The first section of the Museum provides an introduction to the Museum, the land on which it sits, and the concept of human rights. The Introduction to Human Rights gallery will paint a broad vision of human right to help our visitors appreciate what we mean when we talk about looking at the world through a human rights lens. The gallery will set up the rest of the journey through the Museum. For example, we will include a human rights timeline that will feature seminal events like the drafting of the Universal Declaration of Human Rights and the granting of the vote to women in Canada.

The next section deals with Canada's human rights history. This part is made up of 3 galleries:

  • Indigenous rights – which is intended to convey indigenous concepts of humanity and how indigenous peoples struggle for and assert their rights in Canada.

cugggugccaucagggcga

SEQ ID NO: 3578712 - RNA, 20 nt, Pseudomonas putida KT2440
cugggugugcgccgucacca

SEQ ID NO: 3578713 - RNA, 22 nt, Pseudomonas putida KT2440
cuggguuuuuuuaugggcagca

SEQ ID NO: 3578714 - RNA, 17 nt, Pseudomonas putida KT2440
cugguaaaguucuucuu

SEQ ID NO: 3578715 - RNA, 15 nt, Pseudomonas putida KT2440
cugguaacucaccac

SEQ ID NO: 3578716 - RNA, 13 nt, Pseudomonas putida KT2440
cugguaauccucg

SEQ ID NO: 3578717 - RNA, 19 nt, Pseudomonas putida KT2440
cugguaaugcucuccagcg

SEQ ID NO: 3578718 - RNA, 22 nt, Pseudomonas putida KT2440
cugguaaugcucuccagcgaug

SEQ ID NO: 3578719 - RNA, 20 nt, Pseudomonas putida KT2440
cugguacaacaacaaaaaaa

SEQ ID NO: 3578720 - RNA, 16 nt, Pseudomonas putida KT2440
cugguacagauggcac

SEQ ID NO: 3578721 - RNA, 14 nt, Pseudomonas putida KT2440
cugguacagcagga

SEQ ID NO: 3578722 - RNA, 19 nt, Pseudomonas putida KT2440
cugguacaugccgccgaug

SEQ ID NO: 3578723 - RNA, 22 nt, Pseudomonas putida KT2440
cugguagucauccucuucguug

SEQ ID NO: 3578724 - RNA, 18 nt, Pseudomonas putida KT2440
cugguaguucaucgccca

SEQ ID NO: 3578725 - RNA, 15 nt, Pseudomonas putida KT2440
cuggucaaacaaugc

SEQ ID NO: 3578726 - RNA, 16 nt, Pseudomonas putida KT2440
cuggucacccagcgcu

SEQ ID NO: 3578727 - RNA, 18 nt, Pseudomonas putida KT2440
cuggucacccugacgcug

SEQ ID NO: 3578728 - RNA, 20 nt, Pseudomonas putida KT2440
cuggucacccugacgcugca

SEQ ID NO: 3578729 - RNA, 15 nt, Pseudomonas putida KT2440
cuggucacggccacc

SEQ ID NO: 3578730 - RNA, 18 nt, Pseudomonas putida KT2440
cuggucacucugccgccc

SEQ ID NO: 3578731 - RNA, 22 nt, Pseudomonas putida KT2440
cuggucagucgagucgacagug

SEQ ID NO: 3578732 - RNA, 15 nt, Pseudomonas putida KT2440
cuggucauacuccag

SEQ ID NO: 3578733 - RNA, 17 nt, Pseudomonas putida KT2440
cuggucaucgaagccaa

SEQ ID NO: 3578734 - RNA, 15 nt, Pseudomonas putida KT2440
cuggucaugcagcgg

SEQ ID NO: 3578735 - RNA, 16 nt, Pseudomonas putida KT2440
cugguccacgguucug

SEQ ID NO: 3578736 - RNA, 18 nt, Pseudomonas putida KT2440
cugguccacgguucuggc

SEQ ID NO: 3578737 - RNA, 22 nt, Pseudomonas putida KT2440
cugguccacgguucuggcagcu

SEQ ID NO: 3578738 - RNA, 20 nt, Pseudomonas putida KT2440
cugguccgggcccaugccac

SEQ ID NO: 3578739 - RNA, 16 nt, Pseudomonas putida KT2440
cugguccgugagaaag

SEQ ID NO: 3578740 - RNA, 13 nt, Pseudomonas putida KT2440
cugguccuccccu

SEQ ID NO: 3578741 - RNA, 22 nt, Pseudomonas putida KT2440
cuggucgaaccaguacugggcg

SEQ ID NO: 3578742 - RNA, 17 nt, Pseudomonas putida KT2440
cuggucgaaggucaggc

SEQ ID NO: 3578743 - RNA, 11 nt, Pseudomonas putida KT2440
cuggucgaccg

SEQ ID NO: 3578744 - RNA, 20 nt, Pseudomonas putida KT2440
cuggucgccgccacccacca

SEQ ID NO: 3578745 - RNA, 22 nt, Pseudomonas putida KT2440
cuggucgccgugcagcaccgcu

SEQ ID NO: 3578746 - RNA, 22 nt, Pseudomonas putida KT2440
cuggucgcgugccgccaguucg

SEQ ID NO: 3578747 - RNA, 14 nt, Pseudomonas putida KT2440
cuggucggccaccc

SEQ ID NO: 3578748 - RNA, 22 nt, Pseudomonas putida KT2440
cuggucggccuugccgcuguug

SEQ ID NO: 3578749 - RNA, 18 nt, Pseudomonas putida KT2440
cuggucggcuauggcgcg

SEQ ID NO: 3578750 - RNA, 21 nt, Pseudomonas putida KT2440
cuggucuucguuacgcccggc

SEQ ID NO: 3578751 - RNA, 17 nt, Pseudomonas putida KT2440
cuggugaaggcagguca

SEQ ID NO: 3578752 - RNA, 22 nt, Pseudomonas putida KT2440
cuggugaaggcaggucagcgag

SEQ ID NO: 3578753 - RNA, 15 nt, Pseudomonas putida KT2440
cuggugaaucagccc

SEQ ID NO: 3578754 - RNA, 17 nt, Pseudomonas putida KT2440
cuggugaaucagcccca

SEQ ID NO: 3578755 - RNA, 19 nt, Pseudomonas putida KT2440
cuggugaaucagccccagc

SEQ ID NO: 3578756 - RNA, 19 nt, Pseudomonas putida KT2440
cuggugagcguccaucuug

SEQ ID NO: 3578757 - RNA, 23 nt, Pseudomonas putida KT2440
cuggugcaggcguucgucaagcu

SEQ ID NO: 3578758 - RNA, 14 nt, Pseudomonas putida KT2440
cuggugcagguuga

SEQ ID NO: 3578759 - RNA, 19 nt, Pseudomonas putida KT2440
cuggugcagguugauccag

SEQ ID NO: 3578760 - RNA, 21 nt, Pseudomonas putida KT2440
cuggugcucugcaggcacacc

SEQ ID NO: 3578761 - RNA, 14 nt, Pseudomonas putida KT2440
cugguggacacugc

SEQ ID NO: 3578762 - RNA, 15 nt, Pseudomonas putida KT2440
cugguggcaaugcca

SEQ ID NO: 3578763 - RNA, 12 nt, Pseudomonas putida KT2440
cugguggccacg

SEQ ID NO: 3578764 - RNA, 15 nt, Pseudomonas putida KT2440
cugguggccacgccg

• Canada's Human Rights Journey – which will focus on historical incidents of rights violations in Canada as well as the struggle to achieve rights for those who had them denied, and the achievement of those rights. This will include events like the Komogata Maru and Canada's internment operation. And finally: 
  • The Canadian Challenge – this gallery will look at the current state of human rights law and legal instruments in Canada as well as the limits to these rights. 

The third section focuses on international human right history.

  • We begin this section by Examining the Holocaust and exploring how a modern, democratic society collapsed into genocide and studying the stages of genocide as articulated by Raphael Lemkin. 
  • We will look at the drafting and adoption of the Universal Declaration of Human Rights in a gallery called Hope and Hard Work. In this gallery, we look at how this document was developed and the numerous declarations and covenants that have followed in the footsteps of the UDHR. We will also look at the social movements, made up of committed and passionate individuals, that have worked to bring these declarations, such as the Declaration of the Rights of the Child, to life.